The entrance hall is paneled in Etowah pink Georgian marble. Aluminum, a favorite "new" building material, was used extensively in the light fixtures, railings, and even the radiator grilles throughout the building.

The building was erected on the site of the previous 1868 County Court House. All four sides of the exterior were treated uniformly, reflecting the expectation that possibly the Court House would someday utilize the entire block, as it has. An annex building was added in 1956 and further expansion and remodeling occurred in 1969.

It is interesting to consider that this architectural style, considered "extremely popular" forty-odd years ago has now been categorized as period architecture and named "Art-Deco"

Source: Heritage Walk in Old Sheboygan, (197-).

Bus Routes and Schedule

Answer: http://www.sheboygantransit.com/2007%20Routes.htm

Century Farms

Answer: For information, please refer to the book, "Wisconsin centennial: century farms, Sheboygan County" by Rudolph Mueller.
Source: Mead Public Library Information File

City Hall - Building History

Answer:
August 1911 - proposed by Common Council
March 1912 - bonding approved in special election
July 1915 - plans finally accepted
1916 - built
January 5, 1917 - first Common Council meeting held in new City Hall
Source: "100 years of Sheboygan" by Joseph Leberman.

Elkhart Lake – Government

Question:
What political unit controls the governance of Elkhart Lake?

Answer:
Part of Elkhart Lake is under the jurisdiction of the village of Elkhart and the other is under Town Rhine. Elkhart Lake is entirely within the Town of Rhine. The Barrows cottage is in the Town Rhine section, and Sheboygan Bay is ruled by the village of Elkhart.

Source:
Mead Public Library Information File

Everhard, Miss Ethel

Answer: Ethel Everhard worked as an art teacher and art supervisor in the Sheboygan Public School System for 15 years before leaving Sheboygan to teach elsewhere. She returned to Sheboygan in 1950 to enjoy her retirement. When Miss Everhard passed away on September 12, 1965, she left her estate to her sister Mabel, with the provision that when her sister died the estate would be divided between certain beneficiaries, among which was the Mead Public Library. Mabel Everhard died about a month later.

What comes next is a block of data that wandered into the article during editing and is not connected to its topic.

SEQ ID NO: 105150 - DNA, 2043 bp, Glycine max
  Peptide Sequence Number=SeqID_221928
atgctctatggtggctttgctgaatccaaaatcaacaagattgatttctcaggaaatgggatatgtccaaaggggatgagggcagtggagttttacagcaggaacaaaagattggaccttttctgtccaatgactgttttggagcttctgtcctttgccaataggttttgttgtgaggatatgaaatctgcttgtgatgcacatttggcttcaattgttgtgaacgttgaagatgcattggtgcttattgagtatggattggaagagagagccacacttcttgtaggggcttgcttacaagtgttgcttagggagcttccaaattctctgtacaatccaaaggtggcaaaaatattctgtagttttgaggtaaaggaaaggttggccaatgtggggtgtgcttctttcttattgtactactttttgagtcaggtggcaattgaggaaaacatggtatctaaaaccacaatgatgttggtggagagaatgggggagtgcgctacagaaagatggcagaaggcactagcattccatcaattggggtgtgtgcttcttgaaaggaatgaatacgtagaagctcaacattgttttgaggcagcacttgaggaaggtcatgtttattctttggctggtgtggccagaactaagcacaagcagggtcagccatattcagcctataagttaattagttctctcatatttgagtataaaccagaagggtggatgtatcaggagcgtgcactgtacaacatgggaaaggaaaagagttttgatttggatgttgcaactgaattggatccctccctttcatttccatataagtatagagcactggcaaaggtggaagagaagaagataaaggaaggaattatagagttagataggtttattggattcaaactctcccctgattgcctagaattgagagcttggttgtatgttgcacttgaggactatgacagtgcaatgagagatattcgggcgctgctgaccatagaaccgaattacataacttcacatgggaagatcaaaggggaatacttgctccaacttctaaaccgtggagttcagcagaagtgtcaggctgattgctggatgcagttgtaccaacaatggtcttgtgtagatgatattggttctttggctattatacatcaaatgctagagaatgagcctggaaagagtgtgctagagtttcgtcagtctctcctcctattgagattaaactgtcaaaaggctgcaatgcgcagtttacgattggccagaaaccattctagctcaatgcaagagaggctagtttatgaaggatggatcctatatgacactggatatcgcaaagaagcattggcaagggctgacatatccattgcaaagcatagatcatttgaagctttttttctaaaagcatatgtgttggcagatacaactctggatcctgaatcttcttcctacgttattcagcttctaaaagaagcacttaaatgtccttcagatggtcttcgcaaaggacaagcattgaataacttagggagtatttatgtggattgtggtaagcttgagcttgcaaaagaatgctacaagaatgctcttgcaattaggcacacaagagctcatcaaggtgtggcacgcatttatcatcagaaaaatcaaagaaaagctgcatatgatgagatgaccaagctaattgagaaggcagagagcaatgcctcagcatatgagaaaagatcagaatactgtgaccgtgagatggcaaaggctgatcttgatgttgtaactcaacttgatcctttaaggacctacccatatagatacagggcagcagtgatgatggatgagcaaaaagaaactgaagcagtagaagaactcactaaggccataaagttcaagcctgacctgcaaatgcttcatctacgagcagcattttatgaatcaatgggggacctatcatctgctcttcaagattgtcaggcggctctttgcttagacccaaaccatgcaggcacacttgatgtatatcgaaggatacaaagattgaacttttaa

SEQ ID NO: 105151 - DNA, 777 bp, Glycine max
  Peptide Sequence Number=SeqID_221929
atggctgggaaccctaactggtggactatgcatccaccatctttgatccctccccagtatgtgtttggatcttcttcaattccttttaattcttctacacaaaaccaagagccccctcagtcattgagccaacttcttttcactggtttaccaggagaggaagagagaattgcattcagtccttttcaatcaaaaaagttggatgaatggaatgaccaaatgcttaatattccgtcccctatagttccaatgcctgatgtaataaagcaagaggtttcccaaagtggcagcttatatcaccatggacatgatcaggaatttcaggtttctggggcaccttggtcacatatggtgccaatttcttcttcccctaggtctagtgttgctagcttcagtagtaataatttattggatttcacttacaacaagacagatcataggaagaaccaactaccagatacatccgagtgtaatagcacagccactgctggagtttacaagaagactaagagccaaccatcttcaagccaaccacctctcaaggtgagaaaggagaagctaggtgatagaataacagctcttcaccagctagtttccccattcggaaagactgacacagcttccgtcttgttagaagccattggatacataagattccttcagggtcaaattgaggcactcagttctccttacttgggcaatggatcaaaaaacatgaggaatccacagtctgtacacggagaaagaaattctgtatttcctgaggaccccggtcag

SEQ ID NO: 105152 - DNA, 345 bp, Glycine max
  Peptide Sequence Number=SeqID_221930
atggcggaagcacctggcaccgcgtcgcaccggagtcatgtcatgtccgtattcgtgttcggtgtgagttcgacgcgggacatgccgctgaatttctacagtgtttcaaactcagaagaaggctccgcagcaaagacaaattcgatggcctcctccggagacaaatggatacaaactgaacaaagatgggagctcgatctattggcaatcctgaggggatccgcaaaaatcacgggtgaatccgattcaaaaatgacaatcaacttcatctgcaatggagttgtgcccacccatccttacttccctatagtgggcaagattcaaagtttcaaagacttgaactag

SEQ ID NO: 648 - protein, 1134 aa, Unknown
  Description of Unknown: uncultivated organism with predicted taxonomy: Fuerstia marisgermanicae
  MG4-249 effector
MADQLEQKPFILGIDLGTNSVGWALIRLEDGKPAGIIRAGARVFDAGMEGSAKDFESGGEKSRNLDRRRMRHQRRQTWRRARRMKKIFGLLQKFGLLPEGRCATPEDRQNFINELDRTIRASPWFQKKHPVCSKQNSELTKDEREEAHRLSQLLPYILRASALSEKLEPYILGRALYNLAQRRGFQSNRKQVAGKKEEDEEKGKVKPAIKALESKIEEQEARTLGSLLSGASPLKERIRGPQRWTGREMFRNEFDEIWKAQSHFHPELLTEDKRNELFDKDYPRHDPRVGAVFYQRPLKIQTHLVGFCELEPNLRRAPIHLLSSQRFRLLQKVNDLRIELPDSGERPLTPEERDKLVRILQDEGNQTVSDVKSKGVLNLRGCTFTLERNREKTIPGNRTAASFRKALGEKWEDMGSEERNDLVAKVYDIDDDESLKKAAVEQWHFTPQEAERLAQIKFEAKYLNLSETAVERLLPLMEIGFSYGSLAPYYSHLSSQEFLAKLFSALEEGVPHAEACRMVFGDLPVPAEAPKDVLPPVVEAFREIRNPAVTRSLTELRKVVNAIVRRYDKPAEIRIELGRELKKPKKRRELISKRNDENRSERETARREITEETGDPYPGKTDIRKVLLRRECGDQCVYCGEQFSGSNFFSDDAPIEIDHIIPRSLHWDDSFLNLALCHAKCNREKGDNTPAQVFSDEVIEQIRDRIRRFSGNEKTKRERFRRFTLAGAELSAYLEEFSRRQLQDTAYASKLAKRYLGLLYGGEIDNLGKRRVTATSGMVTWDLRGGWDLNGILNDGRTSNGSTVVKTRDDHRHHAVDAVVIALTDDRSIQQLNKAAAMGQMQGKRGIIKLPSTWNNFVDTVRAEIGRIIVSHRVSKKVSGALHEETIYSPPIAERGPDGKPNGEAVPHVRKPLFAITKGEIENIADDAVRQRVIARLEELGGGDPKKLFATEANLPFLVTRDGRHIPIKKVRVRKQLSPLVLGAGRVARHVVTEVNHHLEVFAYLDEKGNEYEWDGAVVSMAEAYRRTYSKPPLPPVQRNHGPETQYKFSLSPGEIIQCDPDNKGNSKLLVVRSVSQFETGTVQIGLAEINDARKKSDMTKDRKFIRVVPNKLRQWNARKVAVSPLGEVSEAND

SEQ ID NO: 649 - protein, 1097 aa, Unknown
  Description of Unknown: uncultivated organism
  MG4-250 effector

The Library Board decided that the bulk of the money to be received from the Everhard estate would remain invested and the interest used for various public service programs. A portion of the money was used for certain features and equipment in the new library building (1974). These include the fireplace and lounge area in the Henrietta A. Landwehr Children's Library Center, the Kitchenette adjacent to the Meeting Room, the sound console and paging system, the fireplace and lounge area in the Adult Department, the furniture and appliances in the library staff room, and the furnishings in the Administrative Offices.

Another substantial bequest was received in January 1977, from the estate of Minnie M. Forrer. Miss Forrer was also a teacher in the local school system, serving as head of the English Department at the Sheboygan High School and later at Central High, from 1921 to 1955. Again, the Library Board decided to invest most of the principal, designating the interest to be used for equipment and for special programs.

In recognition of these bequests, the continuing series of public service programs, funded by the generosity of these two teachers, are called "Everhard-Forrer Programs."
Source: Mead Public Library Information File